Just as it seems now, in consideration of our current understanding of the laws of physics and quantum theory, that the physical universe which we observe and study is reliant upon unobservable phenomena and additional dimensions outside of our direct perception—in part—a manifestation of non-material aspects—so too now, does consciousness appear to be, at its source, non-material.  The difficulty then becomes, trying to discern how the non-material aspects of the universe and of consciousness affect the physical world and interact with our daily waking awareness of our existence.

Many philosophers and neuroscientists wish to express the phenomenon of consciousness as an emergent property of our brain physiology, and in doing so, eliminate any other possible avenue of exploration and explanation.  We can certainly sympathize with this inclination in view of the enormous progress of the physical sciences generally, and of neuroscience specifically, that has been made without invoking any additional layers of existence or positing immaterial forces or energies that may contribute to the full understanding of both cosmology and consciousness.

Over the decades of my existence, what has consistently led me to be convinced to the contrary has been my own profound inner sense of something taking place within me, which informs me about my existence, in addition to my own personal physical experience of the world.  To the extent that I have studied the physical sciences and the laws of physics, and read and listened to a host of great thinkers of human history, nothing I have encountered along the way has been sufficient to dissuade me from concluding that my own personal awareness—my own subjective experience of existence—my own consciousness—is perhaps the greatest source for acknowledgment and discernment about my existence that I could possibly hope to possess.  There could be no more reliable source of inspiration or self-awareness for any of us than our own subjective experience, and while none of us is infallible or omnipotent, no other aspect of our awareness is more certain than our own experience of existence.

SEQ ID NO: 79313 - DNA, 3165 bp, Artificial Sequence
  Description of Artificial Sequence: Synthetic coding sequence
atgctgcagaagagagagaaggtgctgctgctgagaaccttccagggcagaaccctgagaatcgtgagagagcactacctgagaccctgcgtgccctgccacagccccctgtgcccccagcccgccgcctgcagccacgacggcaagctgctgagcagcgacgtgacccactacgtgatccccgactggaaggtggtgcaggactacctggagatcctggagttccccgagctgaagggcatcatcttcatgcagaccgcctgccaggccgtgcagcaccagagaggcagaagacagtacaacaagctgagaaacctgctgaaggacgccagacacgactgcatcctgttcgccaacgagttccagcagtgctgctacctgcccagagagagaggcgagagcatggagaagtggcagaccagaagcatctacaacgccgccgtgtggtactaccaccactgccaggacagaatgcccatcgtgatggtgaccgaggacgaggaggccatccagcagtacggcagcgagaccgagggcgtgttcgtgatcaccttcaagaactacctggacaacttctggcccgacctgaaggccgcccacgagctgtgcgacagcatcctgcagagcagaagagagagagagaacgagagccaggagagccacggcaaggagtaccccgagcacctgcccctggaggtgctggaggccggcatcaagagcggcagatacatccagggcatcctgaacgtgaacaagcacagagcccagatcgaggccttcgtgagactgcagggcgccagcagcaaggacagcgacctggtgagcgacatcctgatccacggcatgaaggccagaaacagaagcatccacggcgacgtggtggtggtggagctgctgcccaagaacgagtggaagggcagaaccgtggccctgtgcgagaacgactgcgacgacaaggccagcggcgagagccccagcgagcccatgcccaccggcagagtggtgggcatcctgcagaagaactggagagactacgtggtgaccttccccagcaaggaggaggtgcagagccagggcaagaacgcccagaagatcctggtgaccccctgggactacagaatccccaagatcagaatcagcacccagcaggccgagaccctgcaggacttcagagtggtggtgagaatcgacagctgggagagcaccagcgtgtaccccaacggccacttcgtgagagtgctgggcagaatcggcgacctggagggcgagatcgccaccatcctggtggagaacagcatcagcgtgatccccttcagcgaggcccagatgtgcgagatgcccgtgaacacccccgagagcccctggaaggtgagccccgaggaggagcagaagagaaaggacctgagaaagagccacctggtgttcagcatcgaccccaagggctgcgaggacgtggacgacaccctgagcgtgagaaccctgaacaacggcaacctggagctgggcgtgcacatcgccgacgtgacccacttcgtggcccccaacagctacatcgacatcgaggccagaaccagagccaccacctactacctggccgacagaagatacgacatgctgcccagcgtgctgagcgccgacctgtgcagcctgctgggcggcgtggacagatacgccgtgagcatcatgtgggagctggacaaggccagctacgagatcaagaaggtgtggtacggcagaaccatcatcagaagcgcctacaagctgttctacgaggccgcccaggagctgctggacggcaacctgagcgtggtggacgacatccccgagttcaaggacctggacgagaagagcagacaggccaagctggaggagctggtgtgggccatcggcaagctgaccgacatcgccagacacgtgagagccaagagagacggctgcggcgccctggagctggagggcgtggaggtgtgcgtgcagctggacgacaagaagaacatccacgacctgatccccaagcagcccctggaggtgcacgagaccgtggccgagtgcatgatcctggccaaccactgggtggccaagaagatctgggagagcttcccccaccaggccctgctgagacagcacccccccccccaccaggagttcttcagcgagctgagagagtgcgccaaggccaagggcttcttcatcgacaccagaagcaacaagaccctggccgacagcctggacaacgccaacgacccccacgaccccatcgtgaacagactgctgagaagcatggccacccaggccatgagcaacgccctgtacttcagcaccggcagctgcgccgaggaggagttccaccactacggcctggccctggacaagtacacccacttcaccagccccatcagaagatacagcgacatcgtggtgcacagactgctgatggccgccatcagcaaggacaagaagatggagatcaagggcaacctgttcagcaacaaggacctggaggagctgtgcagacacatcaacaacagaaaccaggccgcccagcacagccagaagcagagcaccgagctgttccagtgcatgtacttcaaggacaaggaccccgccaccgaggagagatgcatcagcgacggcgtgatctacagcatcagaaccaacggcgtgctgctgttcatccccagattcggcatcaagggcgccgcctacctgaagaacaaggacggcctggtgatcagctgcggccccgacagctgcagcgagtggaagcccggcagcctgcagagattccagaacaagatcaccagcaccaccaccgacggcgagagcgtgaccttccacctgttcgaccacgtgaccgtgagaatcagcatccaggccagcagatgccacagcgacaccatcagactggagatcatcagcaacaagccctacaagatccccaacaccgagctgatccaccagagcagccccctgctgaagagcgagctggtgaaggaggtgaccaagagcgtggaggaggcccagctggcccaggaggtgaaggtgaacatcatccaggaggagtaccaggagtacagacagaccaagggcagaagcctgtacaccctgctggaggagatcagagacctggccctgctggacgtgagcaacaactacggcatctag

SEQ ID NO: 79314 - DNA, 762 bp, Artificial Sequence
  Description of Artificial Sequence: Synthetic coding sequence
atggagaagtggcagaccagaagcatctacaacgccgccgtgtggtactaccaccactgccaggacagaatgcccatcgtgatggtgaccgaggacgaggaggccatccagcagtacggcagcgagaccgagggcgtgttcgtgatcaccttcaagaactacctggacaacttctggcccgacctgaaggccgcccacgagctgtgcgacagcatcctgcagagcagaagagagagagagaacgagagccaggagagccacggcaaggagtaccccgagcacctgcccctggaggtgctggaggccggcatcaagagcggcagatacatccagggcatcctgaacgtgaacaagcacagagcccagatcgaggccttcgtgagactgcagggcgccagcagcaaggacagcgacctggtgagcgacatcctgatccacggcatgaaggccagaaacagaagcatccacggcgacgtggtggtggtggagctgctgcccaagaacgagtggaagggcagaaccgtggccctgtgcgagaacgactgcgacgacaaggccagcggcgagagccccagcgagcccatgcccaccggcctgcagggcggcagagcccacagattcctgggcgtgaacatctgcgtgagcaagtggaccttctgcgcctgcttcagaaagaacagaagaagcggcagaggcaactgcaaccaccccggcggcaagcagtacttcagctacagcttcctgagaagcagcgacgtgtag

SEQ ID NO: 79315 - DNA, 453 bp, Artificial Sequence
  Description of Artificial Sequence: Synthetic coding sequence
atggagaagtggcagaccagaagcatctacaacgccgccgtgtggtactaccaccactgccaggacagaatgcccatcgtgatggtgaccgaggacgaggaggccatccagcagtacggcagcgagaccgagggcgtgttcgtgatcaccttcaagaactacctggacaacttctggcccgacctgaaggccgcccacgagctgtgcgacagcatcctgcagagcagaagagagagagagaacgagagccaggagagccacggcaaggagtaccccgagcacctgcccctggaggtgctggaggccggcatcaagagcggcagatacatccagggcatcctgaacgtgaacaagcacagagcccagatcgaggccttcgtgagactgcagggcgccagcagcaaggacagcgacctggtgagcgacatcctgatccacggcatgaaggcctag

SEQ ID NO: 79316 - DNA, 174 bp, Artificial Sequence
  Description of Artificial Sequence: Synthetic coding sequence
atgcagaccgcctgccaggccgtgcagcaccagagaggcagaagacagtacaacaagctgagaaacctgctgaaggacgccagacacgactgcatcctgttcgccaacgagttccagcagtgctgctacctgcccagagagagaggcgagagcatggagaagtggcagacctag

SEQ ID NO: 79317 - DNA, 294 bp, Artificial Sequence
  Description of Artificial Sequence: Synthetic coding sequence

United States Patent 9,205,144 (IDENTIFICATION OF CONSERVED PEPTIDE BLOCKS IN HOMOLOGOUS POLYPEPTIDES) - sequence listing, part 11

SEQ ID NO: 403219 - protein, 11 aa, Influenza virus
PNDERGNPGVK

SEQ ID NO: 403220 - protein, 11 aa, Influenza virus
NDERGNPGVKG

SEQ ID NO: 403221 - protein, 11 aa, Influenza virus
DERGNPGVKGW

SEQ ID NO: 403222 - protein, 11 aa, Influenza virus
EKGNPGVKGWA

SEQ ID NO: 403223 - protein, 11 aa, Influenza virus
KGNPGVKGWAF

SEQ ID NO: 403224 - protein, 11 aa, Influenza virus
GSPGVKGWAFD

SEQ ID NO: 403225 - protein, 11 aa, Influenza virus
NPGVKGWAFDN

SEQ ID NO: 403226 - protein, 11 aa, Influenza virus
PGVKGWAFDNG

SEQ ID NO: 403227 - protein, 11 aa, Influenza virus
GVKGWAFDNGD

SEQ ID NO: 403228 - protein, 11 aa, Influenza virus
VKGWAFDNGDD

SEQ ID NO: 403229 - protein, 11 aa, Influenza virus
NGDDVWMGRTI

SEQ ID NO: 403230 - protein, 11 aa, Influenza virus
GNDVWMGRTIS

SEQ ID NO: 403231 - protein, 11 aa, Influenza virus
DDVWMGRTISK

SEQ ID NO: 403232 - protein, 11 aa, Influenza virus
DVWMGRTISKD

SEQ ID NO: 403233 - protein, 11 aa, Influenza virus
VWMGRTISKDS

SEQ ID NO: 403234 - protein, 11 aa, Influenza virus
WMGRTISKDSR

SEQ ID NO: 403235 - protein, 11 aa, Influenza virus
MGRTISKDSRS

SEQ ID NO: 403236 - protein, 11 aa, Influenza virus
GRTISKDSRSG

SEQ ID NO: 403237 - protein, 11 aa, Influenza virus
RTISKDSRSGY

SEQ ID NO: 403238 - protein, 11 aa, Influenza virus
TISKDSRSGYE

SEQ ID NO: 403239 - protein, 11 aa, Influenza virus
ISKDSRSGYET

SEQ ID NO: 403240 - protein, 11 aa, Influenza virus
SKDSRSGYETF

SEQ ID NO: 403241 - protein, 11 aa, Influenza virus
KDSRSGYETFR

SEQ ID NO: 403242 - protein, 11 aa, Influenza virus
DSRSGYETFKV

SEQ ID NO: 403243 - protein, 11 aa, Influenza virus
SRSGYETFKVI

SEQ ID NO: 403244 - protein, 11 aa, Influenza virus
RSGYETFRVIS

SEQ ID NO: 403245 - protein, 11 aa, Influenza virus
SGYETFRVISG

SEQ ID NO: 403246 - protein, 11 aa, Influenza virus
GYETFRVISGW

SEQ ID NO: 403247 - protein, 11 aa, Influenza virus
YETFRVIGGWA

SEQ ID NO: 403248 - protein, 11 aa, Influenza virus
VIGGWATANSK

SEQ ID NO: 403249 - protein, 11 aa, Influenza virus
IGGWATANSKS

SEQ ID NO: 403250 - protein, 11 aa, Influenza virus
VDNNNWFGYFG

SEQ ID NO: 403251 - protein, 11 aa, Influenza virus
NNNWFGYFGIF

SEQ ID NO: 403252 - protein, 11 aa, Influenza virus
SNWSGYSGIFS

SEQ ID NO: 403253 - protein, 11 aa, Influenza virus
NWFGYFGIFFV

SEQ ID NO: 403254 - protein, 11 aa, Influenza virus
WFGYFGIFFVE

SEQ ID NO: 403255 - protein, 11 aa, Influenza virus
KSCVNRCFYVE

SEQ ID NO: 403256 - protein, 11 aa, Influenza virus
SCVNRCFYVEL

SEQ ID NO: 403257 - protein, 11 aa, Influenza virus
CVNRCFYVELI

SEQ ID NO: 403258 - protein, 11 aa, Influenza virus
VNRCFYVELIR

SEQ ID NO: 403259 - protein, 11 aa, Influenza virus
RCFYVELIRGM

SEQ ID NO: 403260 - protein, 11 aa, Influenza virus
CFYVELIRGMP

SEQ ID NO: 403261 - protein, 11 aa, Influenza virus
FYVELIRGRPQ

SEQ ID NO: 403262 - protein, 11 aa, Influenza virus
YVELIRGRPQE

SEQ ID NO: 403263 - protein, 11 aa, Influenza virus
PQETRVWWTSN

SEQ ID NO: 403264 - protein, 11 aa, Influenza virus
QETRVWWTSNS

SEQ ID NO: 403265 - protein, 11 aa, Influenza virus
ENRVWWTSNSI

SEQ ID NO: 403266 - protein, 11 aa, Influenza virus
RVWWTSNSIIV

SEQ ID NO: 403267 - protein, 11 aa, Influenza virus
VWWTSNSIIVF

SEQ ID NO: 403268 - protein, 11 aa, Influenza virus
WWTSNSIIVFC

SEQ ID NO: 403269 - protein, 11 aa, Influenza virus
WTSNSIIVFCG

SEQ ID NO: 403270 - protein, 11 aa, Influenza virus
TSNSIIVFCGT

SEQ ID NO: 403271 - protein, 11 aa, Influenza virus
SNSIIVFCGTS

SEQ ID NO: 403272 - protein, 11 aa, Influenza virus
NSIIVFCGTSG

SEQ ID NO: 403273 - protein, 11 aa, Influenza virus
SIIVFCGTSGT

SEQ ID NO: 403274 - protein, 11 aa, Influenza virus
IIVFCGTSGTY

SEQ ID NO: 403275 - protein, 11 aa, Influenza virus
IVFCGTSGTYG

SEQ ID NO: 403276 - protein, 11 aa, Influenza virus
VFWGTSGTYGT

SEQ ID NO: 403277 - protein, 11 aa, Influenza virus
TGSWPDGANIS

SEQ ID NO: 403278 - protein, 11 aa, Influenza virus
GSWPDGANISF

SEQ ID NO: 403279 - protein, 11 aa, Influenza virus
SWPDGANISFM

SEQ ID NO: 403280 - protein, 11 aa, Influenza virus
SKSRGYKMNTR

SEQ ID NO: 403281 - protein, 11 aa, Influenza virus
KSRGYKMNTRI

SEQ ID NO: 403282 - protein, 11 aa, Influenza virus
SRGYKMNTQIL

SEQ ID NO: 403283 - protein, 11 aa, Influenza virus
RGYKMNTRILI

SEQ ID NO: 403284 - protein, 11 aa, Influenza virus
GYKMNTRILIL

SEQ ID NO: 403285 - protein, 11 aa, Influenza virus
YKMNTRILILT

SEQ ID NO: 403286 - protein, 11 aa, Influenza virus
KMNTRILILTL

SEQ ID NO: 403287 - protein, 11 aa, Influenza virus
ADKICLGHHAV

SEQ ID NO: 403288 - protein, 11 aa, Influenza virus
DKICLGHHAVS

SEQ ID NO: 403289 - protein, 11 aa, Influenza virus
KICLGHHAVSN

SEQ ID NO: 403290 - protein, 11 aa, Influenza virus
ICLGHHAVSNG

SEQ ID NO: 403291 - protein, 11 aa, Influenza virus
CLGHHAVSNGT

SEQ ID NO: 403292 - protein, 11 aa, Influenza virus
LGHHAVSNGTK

Anyone with generally good health and a reasonably stable physiology experiences their physical existence through the five senses, and processes the signals sent to their brains from the central nervous system as their waking consciousness, and so long as these physical systems remain nominally functional, our experiences of the world can be stored in memory, we can learn new skills, and generally remember most of the important knowledge we gain through experience.  The mechanisms of brain physiology are indeed wondrous and fascinating to study, and without these important functions operating correctly, our ability to be aware and to be able to experience our existence can be compromised. One need only look to the pathologies present in the human population from disease, genetic defects, and serious injuries to the brain, in order to appreciate the importance of these systems in providing us with access to a functional and productive subjective experience.

What may not be quite so clear is the full understanding of how it is exactly that these functions are accompanied by our extraordinary subjective awareness.  My whole life has contained an array of experiences and a keen sense of awareness of a level of existence that cannot be described in temporal terms, and several key experiences have provided me with an affirmation of my general notion that I have carried with me throughout, that everything we see, everything we do, every act, every nuance of experience, is made possible by a source which cannot be defined in material terms alone.